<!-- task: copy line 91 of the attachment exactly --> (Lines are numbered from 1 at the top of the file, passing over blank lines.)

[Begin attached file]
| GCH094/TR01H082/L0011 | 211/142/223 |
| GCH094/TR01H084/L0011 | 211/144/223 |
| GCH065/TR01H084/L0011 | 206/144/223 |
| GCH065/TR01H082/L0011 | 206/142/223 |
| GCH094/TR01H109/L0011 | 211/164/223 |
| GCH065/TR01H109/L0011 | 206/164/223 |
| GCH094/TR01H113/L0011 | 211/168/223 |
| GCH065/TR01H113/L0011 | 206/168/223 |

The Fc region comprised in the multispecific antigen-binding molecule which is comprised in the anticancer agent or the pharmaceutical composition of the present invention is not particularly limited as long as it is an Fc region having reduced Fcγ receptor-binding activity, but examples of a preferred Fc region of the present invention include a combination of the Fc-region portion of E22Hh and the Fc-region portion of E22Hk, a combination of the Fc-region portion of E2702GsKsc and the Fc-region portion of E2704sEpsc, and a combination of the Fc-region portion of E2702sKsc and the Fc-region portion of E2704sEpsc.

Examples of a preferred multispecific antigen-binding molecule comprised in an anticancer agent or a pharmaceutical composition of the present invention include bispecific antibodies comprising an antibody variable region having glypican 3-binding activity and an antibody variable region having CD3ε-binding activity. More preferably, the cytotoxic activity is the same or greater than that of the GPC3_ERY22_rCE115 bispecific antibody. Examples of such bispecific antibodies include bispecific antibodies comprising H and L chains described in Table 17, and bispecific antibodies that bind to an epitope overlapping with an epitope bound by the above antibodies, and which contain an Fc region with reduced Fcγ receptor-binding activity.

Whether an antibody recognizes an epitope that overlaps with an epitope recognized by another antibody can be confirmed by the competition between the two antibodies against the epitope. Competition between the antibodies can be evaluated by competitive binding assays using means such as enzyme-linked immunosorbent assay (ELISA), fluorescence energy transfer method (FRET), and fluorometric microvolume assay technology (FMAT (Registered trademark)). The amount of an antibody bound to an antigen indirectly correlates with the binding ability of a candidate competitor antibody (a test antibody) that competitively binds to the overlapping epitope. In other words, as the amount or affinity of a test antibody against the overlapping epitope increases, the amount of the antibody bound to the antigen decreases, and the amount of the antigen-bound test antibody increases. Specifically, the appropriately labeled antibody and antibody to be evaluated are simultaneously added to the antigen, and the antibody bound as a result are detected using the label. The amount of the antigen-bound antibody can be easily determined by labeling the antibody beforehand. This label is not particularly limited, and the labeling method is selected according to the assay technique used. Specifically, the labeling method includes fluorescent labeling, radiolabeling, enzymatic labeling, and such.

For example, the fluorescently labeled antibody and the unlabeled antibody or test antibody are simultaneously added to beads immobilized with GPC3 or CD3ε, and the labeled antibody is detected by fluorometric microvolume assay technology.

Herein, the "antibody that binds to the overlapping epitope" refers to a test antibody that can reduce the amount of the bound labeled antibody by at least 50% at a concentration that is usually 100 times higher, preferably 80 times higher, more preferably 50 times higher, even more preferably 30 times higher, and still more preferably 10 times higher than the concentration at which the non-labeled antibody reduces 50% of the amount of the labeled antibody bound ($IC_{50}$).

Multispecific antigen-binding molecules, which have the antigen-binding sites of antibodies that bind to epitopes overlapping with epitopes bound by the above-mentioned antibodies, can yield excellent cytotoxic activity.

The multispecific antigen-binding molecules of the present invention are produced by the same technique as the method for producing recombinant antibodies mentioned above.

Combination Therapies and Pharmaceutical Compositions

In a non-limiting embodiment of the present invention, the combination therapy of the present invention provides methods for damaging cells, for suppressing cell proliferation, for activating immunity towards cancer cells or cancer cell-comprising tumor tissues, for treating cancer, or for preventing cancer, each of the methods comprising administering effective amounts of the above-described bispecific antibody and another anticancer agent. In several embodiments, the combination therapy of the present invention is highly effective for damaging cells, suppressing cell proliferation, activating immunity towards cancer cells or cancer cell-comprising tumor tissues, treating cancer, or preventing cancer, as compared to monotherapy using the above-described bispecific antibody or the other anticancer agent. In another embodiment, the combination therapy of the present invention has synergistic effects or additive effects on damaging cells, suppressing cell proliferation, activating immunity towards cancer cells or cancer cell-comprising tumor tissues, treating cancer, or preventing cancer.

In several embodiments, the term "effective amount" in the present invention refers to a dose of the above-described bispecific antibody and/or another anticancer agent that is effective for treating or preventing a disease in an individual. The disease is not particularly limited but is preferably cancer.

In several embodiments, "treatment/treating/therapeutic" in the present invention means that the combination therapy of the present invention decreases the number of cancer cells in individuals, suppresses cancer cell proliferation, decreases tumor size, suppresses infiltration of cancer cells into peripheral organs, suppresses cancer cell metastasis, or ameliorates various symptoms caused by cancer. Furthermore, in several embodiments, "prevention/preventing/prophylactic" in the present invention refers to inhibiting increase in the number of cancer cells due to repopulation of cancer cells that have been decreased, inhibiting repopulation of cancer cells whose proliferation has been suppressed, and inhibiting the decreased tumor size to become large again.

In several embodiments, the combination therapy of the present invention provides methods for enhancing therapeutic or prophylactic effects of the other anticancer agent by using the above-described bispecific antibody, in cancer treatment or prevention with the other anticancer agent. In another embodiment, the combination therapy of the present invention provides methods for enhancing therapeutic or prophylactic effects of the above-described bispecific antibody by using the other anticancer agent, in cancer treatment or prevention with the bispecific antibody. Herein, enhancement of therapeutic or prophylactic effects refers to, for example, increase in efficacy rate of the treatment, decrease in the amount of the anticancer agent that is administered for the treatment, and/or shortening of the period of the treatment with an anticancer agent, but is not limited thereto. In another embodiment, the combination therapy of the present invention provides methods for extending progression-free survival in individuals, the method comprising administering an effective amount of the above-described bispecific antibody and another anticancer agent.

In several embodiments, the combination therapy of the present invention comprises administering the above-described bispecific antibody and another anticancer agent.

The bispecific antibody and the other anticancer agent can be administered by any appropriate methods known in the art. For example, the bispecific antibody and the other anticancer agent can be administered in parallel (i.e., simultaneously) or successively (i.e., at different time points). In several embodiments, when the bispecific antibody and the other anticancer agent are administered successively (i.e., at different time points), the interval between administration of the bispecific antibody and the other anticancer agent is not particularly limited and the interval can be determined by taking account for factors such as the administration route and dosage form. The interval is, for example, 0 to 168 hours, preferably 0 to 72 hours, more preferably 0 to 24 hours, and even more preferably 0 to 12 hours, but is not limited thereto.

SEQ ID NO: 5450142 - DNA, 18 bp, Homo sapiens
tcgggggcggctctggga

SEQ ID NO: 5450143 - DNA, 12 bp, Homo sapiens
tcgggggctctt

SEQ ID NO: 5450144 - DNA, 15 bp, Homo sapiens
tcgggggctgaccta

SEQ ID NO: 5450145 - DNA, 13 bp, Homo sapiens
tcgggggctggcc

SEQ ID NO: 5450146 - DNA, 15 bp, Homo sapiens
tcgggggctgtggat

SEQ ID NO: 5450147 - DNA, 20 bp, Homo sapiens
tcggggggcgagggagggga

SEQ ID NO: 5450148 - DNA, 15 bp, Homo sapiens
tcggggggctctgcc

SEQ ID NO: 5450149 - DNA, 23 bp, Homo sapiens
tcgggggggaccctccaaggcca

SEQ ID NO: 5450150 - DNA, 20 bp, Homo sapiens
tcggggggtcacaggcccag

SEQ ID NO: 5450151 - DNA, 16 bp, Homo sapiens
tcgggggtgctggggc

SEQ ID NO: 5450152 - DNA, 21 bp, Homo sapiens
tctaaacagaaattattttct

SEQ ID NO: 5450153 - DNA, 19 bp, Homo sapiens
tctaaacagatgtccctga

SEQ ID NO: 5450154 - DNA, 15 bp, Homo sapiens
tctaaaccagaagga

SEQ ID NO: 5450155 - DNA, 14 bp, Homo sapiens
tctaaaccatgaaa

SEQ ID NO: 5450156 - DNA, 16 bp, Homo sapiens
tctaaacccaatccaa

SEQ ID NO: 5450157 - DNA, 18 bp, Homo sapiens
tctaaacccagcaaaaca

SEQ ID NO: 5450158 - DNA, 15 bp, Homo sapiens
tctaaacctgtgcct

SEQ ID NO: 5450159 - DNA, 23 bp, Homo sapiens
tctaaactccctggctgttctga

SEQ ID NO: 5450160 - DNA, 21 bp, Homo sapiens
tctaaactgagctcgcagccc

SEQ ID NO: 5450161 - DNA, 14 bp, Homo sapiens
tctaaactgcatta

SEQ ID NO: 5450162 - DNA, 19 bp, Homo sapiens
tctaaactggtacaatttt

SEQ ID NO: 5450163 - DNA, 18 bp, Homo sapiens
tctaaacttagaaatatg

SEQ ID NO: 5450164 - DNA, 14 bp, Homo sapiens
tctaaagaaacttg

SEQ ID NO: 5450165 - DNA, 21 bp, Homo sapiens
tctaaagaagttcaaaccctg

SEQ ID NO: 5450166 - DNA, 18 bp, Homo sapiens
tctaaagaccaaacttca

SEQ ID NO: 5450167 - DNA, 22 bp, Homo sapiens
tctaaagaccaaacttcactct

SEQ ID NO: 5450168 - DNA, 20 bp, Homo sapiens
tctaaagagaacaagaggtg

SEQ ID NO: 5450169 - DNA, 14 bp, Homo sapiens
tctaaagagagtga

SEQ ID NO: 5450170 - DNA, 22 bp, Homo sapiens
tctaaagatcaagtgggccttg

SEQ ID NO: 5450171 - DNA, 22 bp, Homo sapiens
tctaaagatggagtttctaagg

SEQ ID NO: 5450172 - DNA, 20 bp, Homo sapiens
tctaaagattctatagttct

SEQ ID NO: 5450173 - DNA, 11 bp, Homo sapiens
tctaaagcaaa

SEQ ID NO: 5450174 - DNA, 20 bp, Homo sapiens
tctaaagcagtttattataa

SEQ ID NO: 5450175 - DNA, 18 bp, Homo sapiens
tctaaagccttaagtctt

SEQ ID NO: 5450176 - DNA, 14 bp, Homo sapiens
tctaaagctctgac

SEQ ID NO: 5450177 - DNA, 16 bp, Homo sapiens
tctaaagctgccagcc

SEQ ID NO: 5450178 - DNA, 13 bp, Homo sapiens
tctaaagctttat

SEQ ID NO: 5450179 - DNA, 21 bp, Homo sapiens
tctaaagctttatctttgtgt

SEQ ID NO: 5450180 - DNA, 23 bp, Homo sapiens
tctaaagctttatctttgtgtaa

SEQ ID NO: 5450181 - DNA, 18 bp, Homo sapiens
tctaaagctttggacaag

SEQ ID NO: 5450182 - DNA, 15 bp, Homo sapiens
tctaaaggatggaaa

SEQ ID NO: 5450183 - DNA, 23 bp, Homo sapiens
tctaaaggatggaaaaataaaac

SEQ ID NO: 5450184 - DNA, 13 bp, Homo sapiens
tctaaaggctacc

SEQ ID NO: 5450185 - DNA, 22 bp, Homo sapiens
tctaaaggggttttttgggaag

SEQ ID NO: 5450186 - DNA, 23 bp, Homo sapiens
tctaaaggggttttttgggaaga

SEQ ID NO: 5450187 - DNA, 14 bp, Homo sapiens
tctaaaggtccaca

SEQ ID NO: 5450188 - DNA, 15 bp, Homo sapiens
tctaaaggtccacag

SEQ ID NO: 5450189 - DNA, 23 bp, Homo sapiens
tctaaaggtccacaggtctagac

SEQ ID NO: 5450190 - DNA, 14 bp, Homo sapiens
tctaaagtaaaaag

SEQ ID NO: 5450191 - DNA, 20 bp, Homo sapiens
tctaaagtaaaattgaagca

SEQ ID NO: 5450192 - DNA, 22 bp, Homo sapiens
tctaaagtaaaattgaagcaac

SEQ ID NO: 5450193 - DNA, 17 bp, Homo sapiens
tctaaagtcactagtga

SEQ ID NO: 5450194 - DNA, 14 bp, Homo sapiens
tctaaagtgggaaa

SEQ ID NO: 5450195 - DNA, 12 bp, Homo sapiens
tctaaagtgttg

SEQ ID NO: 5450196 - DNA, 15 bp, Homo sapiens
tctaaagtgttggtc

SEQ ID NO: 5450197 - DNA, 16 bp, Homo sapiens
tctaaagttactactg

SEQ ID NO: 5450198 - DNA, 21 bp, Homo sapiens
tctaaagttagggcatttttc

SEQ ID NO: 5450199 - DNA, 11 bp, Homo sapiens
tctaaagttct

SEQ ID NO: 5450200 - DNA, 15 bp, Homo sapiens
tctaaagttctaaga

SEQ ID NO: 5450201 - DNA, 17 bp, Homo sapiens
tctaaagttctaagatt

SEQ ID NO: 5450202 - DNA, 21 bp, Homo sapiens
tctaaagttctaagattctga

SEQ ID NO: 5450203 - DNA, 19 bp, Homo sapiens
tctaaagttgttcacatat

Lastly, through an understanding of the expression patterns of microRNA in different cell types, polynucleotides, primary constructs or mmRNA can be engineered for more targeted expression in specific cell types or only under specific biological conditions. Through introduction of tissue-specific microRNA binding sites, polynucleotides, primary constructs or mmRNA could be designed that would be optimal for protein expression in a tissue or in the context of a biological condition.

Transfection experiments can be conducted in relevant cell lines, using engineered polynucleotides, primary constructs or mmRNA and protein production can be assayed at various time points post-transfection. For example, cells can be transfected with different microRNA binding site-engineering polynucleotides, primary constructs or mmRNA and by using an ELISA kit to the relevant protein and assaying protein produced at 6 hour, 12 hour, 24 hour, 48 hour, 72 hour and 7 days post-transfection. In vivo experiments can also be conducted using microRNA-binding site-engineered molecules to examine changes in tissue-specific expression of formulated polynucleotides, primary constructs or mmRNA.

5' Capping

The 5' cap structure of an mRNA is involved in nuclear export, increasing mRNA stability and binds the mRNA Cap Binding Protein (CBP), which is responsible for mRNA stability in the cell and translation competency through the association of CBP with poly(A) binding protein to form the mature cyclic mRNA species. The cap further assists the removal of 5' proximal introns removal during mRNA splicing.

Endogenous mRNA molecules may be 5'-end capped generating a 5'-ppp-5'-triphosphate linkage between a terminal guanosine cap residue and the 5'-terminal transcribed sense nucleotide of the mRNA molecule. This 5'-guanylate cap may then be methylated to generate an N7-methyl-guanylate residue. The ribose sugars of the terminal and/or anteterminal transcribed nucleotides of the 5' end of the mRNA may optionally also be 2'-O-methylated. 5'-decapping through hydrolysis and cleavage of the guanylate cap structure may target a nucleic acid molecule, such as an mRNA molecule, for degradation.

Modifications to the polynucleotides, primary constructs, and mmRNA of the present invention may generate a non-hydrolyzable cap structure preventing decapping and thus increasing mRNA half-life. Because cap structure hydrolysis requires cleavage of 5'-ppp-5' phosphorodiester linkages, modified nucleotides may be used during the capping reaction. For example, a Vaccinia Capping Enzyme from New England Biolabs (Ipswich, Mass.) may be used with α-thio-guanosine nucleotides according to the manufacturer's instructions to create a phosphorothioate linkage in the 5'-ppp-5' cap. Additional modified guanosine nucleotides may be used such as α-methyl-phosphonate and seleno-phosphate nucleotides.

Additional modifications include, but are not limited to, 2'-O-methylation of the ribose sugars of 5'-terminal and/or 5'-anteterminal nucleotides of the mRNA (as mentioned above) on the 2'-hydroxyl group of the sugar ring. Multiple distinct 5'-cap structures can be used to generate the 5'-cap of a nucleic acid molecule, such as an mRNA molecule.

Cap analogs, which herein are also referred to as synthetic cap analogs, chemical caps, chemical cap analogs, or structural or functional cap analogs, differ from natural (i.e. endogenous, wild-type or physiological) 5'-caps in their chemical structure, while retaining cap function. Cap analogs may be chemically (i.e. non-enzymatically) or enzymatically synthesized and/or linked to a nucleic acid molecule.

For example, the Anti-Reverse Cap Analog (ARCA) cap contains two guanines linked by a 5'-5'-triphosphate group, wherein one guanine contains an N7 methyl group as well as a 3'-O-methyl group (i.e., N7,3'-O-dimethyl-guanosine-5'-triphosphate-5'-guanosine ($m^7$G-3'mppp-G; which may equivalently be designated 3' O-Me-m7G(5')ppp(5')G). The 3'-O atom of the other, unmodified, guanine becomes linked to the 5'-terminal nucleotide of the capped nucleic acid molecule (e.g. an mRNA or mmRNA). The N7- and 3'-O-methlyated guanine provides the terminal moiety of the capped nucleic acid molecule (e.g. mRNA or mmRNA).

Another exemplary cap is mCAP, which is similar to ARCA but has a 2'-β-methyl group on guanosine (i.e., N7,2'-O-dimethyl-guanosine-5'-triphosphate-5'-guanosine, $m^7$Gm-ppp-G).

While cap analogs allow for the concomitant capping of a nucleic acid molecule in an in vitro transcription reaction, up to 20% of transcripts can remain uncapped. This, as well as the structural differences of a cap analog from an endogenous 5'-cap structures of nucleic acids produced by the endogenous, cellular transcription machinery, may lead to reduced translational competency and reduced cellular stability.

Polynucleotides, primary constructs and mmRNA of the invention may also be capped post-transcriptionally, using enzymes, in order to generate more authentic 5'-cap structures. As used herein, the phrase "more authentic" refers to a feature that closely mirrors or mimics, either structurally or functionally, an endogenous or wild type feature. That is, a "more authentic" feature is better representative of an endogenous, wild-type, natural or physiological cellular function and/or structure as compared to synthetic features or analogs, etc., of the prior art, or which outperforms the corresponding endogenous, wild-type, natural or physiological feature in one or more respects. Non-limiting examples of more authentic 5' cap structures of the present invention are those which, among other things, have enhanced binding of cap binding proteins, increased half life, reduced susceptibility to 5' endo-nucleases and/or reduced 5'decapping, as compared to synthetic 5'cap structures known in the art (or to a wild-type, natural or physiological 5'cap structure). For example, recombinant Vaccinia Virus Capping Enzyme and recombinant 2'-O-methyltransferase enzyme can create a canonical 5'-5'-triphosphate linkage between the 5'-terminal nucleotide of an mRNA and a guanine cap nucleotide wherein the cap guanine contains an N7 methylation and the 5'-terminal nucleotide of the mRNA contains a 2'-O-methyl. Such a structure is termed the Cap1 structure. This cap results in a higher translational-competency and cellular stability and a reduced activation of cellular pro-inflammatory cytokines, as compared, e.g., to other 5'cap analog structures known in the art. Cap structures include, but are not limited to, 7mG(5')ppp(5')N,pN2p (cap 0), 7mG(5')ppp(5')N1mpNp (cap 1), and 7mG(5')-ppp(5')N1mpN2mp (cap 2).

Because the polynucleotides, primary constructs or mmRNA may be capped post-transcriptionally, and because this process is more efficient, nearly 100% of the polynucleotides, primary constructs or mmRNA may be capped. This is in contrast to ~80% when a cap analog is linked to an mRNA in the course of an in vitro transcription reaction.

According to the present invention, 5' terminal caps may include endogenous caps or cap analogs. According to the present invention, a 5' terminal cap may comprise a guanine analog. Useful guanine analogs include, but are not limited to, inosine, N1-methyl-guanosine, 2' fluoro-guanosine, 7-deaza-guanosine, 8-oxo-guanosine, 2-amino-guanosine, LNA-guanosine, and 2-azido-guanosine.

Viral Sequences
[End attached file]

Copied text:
SEQ ID NO: 5450176 - DNA, 14 bp, Homo sapiens